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While many organizations are following in the footsteps of Southwest Airlines, VISA International and other global giants by discovering the advantages of relational leadership (people-orientated leadership), many others remain skeptic. However, evidence that it really pays for leaders to be people-orientated (as proposed by Elton Mayo early in the 20th Century),1 is also emerging from the field of social neuroscience.

It is general knowledge that our survival instinct - known as the "minimize danger and maximize reward" principle or the "approach-avoid" response - is a powerful reaction controlled by the brain. The basic mechanism of this protective response is that when we encounter a stimulus (anything we see, hear, feel, etc) our brain either labels it as "good" and prompts us to engage in it (approach it), or labels it as "bad" and prompts us to disengage from (avoid) it. In this way we are drawn to physical rewards in the form of food, shelter and money while most of us will try to avoid being robbed, being caught in a hurricane or falling prey to a lion.

However, what's new is that a great deal of the motivation which drives our social behavior is also governed by the "minimize danger and maximize reward" principle. David Rock, Co-Founder of the Neuro Leadership Institute, developed the SCARF model which incorporates the survival principle with a framework of five factors that activates a reward or threat response in our brains during social situations. These factors - which can also be described as five basic social domains within which our brains respond to apparent threats and rewards - are status (relative importance to others),certainty (being able to predict the future), autonomy (a sense of control over events), relatedness (a sense of safety with others), and fairness (perception of fair exchanges between people).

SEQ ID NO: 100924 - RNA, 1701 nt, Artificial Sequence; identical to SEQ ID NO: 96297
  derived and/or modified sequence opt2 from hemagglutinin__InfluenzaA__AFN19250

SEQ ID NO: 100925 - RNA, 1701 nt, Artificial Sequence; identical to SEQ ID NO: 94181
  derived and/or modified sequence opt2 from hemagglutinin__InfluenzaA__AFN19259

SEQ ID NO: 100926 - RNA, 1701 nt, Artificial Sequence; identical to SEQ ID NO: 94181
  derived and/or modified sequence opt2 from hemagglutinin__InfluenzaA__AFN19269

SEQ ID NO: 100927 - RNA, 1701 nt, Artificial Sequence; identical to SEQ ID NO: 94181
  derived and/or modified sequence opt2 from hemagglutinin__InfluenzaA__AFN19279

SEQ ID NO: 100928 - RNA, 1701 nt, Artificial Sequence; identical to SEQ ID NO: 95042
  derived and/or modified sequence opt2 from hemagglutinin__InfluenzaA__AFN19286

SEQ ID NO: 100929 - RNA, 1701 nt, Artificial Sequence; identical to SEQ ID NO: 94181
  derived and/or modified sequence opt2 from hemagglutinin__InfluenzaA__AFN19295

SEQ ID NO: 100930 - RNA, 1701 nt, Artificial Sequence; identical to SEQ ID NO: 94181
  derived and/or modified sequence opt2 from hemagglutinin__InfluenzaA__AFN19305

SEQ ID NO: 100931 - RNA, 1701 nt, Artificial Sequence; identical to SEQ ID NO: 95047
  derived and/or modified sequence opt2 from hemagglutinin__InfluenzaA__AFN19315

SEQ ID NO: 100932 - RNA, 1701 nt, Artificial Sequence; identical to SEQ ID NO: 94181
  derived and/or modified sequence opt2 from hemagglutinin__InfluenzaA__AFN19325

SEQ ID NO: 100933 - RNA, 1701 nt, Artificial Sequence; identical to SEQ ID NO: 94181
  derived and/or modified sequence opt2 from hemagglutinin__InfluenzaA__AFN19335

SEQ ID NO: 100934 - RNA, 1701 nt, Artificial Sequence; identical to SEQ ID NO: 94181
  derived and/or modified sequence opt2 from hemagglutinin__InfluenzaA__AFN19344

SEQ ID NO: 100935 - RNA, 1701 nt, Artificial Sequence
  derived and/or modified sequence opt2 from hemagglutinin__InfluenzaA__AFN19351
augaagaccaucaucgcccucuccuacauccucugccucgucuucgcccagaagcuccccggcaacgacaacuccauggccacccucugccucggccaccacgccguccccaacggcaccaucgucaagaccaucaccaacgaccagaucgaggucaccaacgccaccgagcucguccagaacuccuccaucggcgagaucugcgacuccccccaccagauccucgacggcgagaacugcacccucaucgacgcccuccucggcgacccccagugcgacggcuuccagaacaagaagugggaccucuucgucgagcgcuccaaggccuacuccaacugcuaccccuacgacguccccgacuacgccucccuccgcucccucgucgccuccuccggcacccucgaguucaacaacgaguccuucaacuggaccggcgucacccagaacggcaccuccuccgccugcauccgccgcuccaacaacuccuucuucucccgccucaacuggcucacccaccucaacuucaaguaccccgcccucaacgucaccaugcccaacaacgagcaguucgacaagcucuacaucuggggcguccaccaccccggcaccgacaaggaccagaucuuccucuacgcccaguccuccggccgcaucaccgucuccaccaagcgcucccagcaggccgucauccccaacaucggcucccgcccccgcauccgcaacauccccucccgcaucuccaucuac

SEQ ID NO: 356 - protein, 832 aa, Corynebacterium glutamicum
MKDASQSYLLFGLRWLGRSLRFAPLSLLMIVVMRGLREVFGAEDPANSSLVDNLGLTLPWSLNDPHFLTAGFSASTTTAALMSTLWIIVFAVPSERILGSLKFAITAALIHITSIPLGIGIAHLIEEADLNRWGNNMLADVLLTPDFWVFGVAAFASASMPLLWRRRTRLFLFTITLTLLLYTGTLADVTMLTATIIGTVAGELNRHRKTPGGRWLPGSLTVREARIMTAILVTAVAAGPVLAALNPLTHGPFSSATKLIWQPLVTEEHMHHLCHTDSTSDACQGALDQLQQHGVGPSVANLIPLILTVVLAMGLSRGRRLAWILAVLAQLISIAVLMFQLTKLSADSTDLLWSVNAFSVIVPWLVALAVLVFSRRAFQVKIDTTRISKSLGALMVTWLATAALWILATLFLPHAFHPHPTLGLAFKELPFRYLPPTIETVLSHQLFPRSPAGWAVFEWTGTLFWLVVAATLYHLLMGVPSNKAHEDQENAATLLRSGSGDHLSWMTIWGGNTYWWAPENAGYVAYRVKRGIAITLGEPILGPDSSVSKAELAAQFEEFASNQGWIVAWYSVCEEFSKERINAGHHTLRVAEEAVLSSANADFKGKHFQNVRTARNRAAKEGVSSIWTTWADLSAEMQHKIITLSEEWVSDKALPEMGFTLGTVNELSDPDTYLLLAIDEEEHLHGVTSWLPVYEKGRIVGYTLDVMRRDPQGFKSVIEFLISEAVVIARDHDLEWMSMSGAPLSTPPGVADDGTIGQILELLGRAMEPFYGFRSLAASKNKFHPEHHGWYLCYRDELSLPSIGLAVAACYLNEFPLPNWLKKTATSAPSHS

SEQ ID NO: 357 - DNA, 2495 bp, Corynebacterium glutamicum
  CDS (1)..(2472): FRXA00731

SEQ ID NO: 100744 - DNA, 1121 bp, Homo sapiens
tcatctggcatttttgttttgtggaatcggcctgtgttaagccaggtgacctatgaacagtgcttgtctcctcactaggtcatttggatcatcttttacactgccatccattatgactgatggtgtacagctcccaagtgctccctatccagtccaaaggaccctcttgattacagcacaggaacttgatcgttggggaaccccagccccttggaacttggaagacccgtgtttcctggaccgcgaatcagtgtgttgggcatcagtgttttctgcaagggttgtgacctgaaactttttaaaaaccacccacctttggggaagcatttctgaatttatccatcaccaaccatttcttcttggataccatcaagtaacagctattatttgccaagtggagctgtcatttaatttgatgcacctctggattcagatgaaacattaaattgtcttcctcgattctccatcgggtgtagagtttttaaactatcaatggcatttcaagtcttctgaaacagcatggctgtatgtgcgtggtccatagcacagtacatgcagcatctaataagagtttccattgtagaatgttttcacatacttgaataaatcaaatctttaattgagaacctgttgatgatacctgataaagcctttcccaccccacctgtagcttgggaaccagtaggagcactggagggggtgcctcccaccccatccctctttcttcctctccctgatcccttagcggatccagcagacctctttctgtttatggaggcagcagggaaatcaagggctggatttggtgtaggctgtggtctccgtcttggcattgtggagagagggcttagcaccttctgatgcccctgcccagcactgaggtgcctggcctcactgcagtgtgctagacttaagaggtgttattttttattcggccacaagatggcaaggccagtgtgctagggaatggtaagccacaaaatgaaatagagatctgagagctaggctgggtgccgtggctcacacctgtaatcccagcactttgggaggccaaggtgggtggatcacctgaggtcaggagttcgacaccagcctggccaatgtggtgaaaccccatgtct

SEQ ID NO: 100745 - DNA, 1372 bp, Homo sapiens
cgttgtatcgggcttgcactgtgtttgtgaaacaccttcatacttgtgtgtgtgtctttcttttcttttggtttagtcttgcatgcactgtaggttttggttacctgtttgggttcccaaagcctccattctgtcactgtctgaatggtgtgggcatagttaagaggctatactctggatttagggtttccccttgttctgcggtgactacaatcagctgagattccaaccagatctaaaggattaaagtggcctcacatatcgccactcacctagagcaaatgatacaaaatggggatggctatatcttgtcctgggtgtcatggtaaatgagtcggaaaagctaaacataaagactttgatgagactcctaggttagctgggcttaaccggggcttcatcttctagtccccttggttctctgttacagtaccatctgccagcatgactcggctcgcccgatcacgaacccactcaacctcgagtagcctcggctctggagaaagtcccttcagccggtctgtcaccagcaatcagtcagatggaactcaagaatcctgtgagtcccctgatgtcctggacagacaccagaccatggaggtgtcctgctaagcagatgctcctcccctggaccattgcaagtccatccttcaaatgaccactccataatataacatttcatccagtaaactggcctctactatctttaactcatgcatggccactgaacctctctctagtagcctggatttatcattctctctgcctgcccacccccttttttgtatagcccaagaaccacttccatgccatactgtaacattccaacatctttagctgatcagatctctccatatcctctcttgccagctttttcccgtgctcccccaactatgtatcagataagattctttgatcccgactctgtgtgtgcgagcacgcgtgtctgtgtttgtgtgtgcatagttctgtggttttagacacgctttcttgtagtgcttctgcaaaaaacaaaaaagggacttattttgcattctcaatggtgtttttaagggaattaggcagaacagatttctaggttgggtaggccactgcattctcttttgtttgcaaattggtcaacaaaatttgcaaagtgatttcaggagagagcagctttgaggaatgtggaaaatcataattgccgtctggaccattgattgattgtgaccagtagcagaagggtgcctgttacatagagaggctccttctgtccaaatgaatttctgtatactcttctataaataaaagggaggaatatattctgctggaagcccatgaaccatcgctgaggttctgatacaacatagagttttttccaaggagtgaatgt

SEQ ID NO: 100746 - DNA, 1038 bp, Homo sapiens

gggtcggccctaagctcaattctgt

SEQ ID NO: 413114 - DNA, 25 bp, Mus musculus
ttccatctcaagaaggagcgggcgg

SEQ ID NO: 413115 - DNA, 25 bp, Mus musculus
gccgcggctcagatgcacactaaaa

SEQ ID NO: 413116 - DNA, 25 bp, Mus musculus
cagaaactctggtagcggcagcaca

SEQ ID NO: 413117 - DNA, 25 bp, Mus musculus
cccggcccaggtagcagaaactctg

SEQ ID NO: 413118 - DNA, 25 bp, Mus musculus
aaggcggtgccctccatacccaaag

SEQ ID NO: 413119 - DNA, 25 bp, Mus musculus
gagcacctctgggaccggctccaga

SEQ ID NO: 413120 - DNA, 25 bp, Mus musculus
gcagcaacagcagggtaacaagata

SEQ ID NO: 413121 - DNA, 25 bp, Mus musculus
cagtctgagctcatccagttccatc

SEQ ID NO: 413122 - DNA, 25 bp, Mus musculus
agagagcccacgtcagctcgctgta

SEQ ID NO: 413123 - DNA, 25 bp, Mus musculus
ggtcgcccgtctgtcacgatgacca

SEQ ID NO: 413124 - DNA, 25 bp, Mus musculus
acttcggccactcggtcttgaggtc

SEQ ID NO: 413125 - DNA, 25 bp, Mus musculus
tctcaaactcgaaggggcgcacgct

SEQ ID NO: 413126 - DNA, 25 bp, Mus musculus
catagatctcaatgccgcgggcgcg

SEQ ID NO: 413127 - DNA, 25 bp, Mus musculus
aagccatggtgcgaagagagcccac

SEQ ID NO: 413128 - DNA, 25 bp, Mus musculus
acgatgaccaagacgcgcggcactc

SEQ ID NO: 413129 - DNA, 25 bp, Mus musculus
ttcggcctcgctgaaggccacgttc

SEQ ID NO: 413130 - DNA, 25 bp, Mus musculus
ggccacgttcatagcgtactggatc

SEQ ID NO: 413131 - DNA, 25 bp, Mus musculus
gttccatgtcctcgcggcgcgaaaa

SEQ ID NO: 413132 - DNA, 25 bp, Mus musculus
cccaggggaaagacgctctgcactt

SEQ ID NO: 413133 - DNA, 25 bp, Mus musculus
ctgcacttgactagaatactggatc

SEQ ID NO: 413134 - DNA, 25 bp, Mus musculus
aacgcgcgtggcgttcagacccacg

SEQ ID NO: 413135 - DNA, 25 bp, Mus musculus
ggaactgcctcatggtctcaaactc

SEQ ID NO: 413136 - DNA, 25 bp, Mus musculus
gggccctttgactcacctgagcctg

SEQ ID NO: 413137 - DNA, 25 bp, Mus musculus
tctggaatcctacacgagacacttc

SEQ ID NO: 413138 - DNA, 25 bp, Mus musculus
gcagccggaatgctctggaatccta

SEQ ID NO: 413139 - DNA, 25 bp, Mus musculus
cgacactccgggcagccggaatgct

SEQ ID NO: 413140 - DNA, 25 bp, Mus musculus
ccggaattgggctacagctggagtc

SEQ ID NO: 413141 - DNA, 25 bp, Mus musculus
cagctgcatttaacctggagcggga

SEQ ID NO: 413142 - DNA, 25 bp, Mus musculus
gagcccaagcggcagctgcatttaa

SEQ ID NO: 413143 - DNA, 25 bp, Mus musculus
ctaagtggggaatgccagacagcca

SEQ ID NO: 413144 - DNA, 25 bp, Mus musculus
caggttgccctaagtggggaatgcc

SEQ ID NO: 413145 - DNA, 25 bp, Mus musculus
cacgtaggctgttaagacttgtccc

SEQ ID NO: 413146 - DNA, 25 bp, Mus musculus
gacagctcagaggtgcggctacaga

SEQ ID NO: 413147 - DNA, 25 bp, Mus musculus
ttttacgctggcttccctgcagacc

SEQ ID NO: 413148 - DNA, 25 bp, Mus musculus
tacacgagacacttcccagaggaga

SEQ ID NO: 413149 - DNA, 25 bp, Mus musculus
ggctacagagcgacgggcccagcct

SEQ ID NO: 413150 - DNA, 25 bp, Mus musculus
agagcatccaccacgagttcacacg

As Rock explains in SCARF: A brain-based model for collaborating with and influencing others - his seminal article on the topic - perceived rewards or threats in these five domains activate either the "primary reward" or "primary threat" circuitry (and associated networks) of the brain. For example, a perceived threat to one's status activates similar brain networks to a threat to one's life. In the same way, a perceived increase in fairness activates the same reward circuitry as receiving a monetary reward.

These findings have enormous implications for leaders and managers. When a leader or manager behave in a way that humiliates employees, cause uncertainty about the future, feel they have lost control, become alienated from the group or feel they're being treated unjustly, a (subconscious) "disengage-avoid" reaction takes place in the brain. This can have a severely negative impact on coveted employee attributes such as job satisfaction, commitment, motivation and productivity. In fact, it can even impede creative thinking and the ability to perform difficult tasks. Rock refers to several neurological studies that showed even subtle effects of this approach-avoid response can have a big impact on cognitive performance& Someone feeling threatened by a boss who is undermining their credibility is less likely to be able to solve complex problems and more likely to make mistakes.

So "bad" leadership - leader behavior that undermines our social needs for status,certainty, autonomy, relatedness, and fairness - really is BAD!

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